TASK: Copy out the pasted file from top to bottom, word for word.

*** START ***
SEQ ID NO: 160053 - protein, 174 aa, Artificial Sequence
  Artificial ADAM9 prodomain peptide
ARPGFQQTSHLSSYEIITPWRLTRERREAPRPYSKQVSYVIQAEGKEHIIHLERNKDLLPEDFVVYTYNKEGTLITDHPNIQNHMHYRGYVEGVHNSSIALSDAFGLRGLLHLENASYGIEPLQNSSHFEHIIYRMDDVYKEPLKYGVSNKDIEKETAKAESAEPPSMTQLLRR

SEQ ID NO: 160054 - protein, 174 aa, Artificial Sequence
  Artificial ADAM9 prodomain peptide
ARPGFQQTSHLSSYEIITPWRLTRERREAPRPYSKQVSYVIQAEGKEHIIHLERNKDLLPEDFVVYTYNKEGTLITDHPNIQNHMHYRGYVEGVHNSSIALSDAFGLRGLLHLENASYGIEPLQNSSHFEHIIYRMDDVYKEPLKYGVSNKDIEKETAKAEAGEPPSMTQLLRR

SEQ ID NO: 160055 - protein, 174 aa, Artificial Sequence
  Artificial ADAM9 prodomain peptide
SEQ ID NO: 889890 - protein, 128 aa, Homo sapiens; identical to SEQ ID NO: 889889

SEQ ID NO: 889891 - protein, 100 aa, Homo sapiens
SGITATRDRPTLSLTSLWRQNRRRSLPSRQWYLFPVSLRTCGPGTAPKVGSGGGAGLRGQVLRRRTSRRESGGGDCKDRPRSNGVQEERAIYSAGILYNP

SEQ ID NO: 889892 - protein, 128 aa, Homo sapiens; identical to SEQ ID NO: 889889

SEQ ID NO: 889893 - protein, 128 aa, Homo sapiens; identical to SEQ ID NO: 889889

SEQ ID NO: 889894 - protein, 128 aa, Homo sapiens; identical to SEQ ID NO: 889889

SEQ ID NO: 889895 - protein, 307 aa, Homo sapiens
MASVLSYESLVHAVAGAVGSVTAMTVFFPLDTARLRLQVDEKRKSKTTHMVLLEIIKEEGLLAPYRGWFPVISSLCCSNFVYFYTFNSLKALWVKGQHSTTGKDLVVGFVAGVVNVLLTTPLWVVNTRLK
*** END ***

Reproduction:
SEQ ID NO: 160053 - protein, 174 aa, Artificial Sequence
  Artificial ADAM9 prodomain peptide
ARPGFQQTSHLSSYEIITPWRLTRERREAPRPYSKQVSYVIQAEGKEHIIHLERNKDLLPEDFVVYTYNKEGTLITDHPNIQNHMHYRGYVEGVHNSSIALSDAFGLRGLLHLENASYGIEPLQNSSHFEHIIYRMDDVYKEPLKYGVSNKDIEKETAKAESAEPPSMTQLLRR

SEQ ID NO: 160054 - protein, 174 aa, Artificial Sequence
  Artificial ADAM9 prodomain peptide
ARPGFQQTSHLSSYEIITPWRLTRERREAPRPYSKQVSYVIQAEGKEHIIHLERNKDLLPEDFVVYTYNKEGTLITDHPNIQNHMHYRGYVEGVHNSSIALSDAFGLRGLLHLENASYGIEPLQNSSHFEHIIYRMDDVYKEPLKYGVSNKDIEKETAKAEAGEPPSMTQLLRR

SEQ ID NO: 160055 - protein, 174 aa, Artificial Sequence
  Artificial ADAM9 prodomain peptide
SEQ ID NO: 889890 - protein, 128 aa, Homo sapiens; identical to SEQ ID NO: 889889

SEQ ID NO: 889891 - protein, 100 aa, Homo sapiens
SGITATRDRPTLSLTSLWRQNRRRSLPSRQWYLFPVSLRTCGPGTAPKVGSGGGAGLRGQVLRRRTSRRESGGGDCKDRPRSNGVQEERAIYSAGILYNP

SEQ ID NO: 889892 - protein, 128 aa, Homo sapiens; identical to SEQ ID NO: 889889

SEQ ID NO: 889893 - protein, 128 aa, Homo sapiens; identical to SEQ ID NO: 889889

SEQ ID NO: 889894 - protein, 128 aa, Homo sapiens; identical to SEQ ID NO: 889889

SEQ ID NO: 889895 - protein, 307 aa, Homo sapiens
MASVLSYESLVHAVAGAVGSVTAMTVFFPLDTARLRLQVDEKRKSKTTHMVLLEIIKEEGLLAPYRGWFPVISSLCCSNFVYFYTFNSLKALWVKGQHSTTGKDLVVGFVAGVVNVLLTTPLWVVNTRLK